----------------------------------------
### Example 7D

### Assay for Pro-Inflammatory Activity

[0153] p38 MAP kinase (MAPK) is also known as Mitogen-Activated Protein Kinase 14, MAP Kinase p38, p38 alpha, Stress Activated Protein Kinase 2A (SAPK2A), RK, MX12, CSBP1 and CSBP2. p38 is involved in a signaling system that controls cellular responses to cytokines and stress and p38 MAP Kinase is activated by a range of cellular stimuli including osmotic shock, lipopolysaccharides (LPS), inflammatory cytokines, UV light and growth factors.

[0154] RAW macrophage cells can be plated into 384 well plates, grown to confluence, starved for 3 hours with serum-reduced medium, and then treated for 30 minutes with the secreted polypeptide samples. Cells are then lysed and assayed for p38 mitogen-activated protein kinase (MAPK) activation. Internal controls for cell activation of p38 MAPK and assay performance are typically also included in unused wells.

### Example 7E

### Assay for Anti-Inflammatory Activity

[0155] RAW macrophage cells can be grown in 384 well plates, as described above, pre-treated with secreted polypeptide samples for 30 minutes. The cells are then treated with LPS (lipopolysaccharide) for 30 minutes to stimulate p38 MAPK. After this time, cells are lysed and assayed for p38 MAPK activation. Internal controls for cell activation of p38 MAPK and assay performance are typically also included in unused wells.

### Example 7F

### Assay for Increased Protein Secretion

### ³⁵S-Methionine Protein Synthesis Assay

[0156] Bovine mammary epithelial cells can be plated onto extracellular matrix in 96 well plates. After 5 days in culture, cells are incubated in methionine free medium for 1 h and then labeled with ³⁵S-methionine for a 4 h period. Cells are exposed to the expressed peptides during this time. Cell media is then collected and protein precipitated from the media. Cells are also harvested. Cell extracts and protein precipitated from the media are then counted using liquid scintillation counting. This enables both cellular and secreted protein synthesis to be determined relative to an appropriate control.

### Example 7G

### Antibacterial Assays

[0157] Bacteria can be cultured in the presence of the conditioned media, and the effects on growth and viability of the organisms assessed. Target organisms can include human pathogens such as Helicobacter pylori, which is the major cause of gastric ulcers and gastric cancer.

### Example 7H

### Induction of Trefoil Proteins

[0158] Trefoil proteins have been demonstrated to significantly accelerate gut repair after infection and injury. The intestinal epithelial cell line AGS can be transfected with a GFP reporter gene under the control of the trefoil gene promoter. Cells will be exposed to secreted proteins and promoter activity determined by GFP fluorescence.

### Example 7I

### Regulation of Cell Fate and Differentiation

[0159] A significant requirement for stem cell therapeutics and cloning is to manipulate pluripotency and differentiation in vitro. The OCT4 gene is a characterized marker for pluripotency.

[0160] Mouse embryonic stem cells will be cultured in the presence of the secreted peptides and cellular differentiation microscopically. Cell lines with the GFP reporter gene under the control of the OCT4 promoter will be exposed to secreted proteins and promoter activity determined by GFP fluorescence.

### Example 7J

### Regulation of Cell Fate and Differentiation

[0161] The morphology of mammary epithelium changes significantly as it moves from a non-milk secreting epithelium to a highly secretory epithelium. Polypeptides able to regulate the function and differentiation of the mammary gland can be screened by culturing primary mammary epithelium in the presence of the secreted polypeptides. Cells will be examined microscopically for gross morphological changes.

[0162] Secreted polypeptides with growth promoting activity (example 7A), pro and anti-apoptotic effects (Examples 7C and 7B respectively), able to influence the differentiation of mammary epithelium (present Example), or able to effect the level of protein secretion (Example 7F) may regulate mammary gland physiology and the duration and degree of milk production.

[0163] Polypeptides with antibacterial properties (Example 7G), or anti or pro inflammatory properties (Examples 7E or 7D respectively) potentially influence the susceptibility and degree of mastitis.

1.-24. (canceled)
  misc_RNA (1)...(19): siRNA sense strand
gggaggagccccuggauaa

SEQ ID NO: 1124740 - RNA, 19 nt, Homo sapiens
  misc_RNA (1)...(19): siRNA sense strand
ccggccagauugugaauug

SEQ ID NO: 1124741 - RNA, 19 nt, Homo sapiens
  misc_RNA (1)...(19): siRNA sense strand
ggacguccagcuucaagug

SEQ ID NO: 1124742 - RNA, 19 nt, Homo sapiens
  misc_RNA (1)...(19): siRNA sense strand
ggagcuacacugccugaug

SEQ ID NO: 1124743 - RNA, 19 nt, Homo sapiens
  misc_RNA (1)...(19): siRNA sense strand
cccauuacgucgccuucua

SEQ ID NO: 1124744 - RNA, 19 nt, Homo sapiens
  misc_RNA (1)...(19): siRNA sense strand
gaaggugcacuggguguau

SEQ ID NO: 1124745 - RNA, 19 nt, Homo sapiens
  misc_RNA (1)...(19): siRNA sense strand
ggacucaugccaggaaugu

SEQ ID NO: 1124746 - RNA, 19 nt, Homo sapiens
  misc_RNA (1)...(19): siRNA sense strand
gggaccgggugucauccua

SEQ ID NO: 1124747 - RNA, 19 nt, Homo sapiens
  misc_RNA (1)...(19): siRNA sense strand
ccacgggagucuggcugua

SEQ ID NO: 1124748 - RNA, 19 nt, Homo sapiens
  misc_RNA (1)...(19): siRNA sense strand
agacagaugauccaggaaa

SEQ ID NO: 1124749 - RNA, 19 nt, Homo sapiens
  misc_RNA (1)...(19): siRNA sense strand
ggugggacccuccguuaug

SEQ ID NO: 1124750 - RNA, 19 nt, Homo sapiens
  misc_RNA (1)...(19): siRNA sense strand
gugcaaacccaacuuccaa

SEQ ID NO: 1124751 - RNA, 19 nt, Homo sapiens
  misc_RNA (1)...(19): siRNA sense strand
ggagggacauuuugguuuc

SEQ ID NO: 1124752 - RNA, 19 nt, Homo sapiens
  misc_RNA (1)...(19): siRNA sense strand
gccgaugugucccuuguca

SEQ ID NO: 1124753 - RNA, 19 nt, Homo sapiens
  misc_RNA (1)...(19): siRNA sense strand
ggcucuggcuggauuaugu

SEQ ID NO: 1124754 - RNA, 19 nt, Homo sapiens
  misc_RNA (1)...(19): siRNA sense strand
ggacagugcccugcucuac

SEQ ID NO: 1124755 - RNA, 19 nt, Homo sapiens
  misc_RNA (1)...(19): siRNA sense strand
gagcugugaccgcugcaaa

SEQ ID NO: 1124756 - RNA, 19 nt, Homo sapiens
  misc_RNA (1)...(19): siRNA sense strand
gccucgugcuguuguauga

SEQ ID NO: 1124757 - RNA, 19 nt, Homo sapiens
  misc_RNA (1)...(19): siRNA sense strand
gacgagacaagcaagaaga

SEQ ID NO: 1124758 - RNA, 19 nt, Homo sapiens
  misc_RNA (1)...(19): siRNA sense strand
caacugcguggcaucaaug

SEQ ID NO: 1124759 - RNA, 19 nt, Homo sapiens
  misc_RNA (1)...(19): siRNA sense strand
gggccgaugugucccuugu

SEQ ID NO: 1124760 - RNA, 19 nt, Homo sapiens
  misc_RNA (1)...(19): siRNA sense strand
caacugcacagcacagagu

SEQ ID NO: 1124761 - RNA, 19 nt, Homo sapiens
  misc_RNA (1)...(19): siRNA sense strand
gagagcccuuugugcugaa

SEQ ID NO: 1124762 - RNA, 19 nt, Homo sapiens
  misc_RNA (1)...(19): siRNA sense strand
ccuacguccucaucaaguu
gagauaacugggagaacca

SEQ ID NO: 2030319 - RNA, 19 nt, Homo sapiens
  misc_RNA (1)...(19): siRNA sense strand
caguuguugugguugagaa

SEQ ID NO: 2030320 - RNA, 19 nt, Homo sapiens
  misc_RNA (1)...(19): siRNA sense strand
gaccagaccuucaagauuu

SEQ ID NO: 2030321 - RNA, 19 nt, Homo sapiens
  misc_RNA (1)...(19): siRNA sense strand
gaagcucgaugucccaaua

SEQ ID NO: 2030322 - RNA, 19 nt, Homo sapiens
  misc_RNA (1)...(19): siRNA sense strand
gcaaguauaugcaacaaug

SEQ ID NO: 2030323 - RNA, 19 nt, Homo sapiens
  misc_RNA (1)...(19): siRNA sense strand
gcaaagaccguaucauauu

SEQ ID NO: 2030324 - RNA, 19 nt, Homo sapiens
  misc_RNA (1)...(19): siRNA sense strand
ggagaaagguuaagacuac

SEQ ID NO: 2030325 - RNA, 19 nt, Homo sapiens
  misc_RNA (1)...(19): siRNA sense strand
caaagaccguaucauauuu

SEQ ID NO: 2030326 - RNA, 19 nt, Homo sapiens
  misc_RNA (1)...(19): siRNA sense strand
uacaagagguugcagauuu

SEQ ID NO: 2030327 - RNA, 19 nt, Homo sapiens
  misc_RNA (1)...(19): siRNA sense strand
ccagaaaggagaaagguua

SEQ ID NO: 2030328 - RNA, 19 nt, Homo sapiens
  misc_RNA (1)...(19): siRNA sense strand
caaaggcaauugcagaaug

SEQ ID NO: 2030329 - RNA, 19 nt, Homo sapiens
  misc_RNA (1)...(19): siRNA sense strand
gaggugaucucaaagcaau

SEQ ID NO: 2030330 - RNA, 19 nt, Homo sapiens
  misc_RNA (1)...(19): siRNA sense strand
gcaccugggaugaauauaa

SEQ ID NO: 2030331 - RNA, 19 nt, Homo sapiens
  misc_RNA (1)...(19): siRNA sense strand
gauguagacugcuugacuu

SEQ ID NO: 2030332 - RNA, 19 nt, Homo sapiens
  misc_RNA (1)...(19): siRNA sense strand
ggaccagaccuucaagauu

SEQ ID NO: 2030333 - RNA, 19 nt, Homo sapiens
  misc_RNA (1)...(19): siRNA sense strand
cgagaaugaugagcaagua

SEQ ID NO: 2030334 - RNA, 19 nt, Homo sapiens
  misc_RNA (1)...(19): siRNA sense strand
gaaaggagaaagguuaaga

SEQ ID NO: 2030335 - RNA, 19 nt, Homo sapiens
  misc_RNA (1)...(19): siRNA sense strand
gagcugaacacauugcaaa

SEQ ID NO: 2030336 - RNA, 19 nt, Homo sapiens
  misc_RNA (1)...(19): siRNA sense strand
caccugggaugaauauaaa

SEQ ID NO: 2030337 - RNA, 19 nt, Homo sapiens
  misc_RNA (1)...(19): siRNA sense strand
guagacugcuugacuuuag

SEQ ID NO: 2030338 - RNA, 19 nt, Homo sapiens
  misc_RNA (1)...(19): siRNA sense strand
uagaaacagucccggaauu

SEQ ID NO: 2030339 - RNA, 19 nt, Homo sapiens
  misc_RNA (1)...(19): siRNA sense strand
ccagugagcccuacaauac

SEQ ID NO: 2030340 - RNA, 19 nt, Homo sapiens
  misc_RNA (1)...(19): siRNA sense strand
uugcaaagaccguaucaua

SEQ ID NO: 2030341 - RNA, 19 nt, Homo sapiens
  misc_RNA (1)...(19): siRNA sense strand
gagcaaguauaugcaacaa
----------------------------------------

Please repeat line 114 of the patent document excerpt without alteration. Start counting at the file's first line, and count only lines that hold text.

gcaaagaccguaucauauu